The Step 2 Clinical Skills (CS) test of the United States Medical Licensing Examination has been discontinued, the two organizations that sponsor the exam announced last Tuesday. “We have no plans to bring back Step 2 CS, but we intend to take this opportunity to focus on working with our colleagues in medical education and at the state medical boards to determine innovative ways to assess clinical skills,” the United States Medical Licensing Examination statement said. When the Step 2 Clinical Skills test was postponed last May due to the COVID-19 pandemic, the test sponsors said they planned to suspend for 12 to 18 months. The decision should strengthen our evaluation process by shifting the emphasis away from a one-day, high-stakes test to a more comprehensive analysis of student competency.
Judges are needed for the Mentored Scholarly Activity Capstone presentations on Tuesday, March 2. There are three hour-long sessions beginning at 1 p.m. and judges are needed for each session. The Mentored Scholarly Activity project is a four-year longitudinal course requirement for all students. It is aimed at fostering self-directed, life-long learning. Students work with a mentor to complete their projects. Sign up through this link to judge one, two, or all three sessions. For questions, email email@example.com.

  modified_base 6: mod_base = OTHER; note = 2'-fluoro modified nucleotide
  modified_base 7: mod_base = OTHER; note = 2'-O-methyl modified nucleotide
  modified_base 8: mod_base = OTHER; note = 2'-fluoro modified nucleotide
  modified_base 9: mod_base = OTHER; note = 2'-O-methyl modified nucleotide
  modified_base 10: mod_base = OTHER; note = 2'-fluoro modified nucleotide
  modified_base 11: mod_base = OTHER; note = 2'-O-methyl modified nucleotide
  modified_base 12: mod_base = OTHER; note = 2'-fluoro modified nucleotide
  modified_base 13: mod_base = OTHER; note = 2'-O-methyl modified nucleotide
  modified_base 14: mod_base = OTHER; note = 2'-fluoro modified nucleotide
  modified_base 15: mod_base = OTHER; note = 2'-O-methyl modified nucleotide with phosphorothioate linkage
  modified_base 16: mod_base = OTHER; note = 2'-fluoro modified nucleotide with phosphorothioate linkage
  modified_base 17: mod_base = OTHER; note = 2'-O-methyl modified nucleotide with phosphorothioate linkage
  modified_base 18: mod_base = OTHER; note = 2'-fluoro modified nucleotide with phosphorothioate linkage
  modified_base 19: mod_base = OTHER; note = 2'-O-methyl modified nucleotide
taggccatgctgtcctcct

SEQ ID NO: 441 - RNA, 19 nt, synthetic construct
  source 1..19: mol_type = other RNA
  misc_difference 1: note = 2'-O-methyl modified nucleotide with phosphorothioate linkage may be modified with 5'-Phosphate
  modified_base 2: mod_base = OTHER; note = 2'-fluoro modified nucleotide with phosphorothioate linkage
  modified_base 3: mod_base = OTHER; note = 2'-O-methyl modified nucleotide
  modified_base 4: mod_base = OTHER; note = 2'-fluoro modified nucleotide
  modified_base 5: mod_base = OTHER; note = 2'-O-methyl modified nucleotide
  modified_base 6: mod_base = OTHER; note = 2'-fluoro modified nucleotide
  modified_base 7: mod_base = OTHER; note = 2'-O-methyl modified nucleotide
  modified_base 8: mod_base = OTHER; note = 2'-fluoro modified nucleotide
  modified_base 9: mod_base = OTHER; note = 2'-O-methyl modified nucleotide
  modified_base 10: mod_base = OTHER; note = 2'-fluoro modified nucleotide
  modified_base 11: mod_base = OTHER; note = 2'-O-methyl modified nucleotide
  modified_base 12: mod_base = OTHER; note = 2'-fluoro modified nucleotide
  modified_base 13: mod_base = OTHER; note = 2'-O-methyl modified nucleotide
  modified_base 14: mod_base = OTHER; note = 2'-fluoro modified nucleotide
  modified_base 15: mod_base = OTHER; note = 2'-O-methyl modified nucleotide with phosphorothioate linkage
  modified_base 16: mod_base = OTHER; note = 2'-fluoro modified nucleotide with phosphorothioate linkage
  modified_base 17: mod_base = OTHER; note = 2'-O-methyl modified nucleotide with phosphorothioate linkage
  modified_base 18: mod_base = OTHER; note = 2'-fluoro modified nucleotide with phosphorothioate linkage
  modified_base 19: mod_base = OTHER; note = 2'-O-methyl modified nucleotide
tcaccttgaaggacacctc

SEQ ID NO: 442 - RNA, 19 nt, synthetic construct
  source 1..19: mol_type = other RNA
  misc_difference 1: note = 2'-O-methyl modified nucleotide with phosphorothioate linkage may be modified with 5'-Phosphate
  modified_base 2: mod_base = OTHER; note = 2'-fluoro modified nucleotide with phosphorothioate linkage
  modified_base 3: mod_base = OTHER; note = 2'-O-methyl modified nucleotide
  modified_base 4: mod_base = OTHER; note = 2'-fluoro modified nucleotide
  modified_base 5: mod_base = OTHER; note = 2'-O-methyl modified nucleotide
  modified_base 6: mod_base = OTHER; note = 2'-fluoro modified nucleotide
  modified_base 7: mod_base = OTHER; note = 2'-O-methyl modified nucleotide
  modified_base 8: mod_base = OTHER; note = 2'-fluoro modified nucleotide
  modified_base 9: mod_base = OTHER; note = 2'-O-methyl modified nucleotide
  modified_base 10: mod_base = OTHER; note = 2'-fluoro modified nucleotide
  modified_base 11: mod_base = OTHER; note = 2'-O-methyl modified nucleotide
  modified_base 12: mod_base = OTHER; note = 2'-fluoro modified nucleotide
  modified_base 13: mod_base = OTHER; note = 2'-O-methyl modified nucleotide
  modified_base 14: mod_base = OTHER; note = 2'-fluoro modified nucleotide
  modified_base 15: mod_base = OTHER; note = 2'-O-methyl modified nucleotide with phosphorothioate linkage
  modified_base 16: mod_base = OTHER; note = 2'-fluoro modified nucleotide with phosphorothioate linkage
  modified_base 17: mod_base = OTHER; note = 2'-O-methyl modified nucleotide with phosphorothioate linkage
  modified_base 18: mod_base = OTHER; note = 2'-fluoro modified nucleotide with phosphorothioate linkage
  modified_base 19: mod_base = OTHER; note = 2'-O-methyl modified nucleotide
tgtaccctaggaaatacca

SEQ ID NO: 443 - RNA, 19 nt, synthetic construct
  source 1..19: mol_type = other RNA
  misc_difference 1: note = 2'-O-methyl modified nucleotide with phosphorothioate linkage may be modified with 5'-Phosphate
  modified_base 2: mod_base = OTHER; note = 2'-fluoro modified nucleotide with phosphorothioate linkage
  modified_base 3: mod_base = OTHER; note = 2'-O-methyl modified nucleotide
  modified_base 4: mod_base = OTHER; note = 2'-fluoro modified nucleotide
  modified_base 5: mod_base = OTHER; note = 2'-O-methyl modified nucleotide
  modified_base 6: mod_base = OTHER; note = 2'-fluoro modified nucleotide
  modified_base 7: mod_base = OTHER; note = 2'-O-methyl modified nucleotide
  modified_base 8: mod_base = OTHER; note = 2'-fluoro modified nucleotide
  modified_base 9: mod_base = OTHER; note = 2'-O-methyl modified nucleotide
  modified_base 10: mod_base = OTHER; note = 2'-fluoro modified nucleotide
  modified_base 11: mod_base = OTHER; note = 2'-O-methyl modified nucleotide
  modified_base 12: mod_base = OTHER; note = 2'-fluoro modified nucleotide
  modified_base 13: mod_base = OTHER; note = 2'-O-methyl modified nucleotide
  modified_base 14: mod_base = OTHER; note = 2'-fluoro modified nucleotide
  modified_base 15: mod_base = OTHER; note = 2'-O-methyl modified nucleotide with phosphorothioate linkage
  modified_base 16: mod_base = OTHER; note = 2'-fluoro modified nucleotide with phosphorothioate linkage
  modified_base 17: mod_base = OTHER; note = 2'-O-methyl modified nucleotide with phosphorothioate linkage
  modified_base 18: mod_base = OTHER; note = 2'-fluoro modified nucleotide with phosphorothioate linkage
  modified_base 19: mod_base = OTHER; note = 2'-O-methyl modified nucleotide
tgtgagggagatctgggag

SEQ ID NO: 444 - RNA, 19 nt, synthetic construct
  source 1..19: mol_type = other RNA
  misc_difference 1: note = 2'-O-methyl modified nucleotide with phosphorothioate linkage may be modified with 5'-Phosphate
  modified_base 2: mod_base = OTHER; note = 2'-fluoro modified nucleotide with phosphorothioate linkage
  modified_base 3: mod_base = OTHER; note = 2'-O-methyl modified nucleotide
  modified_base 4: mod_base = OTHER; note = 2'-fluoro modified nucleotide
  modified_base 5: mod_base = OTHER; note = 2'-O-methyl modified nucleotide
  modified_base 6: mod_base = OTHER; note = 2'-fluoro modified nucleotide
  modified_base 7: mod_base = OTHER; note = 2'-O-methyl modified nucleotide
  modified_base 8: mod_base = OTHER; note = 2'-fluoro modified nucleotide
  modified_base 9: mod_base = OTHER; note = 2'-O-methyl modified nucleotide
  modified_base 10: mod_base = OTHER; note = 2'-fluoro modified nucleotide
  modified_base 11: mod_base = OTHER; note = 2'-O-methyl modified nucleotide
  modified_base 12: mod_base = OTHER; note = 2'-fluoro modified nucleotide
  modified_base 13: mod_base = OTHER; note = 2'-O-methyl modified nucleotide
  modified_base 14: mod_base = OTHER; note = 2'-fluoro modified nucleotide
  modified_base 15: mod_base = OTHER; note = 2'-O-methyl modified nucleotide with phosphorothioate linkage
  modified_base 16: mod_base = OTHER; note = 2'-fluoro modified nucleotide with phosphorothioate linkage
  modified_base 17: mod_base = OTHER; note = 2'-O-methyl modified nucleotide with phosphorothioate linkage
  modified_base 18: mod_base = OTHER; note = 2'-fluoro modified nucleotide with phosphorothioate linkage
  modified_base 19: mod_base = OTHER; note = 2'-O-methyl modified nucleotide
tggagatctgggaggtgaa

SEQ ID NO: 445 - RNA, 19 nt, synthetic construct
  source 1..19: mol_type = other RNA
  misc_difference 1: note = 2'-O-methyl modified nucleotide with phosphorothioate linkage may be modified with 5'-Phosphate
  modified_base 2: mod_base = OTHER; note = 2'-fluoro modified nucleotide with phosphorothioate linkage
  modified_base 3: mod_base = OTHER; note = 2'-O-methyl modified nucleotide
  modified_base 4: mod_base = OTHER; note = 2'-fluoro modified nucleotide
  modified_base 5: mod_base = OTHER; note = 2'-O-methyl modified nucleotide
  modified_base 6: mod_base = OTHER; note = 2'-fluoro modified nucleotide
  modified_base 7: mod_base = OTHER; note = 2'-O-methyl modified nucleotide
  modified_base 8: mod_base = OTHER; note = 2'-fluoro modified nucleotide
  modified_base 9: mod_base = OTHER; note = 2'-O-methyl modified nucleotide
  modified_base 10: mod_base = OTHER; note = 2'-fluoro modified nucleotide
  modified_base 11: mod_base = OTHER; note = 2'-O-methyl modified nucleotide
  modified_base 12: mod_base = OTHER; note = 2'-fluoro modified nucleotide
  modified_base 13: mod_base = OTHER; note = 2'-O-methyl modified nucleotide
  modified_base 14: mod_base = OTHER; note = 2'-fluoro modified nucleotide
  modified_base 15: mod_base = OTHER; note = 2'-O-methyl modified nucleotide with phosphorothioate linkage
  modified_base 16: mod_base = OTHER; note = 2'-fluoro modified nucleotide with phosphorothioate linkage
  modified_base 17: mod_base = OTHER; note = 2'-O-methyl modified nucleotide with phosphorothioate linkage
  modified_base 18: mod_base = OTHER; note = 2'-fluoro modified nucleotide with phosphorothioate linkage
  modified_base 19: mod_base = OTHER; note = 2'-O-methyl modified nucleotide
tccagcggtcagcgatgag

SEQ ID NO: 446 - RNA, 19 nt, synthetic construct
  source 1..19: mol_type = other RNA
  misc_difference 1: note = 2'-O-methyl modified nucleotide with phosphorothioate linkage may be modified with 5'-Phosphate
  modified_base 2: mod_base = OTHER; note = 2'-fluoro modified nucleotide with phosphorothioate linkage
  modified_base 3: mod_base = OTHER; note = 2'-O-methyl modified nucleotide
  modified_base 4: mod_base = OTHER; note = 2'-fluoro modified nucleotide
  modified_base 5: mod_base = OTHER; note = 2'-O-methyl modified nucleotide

5280 magazine has opened its voting for 2021 Top Doctors. Physicians are invited by the magazine to vote for the doctors they would trust to treat themselves or a loved one. Last year, the magazine listed 339 doctors from 98 specialties. Each year, about half of the list is comprised of faculty members of the CU School of Medicine. To vote, physicians need their Colorado license number. Polls close on Friday, March 12.
Have a good week,
John J. Reilly, Jr., MD
Richard D. Krugman Endowed Chair
Vice Chancellor for Health Affairs and
Dean, School of Medicine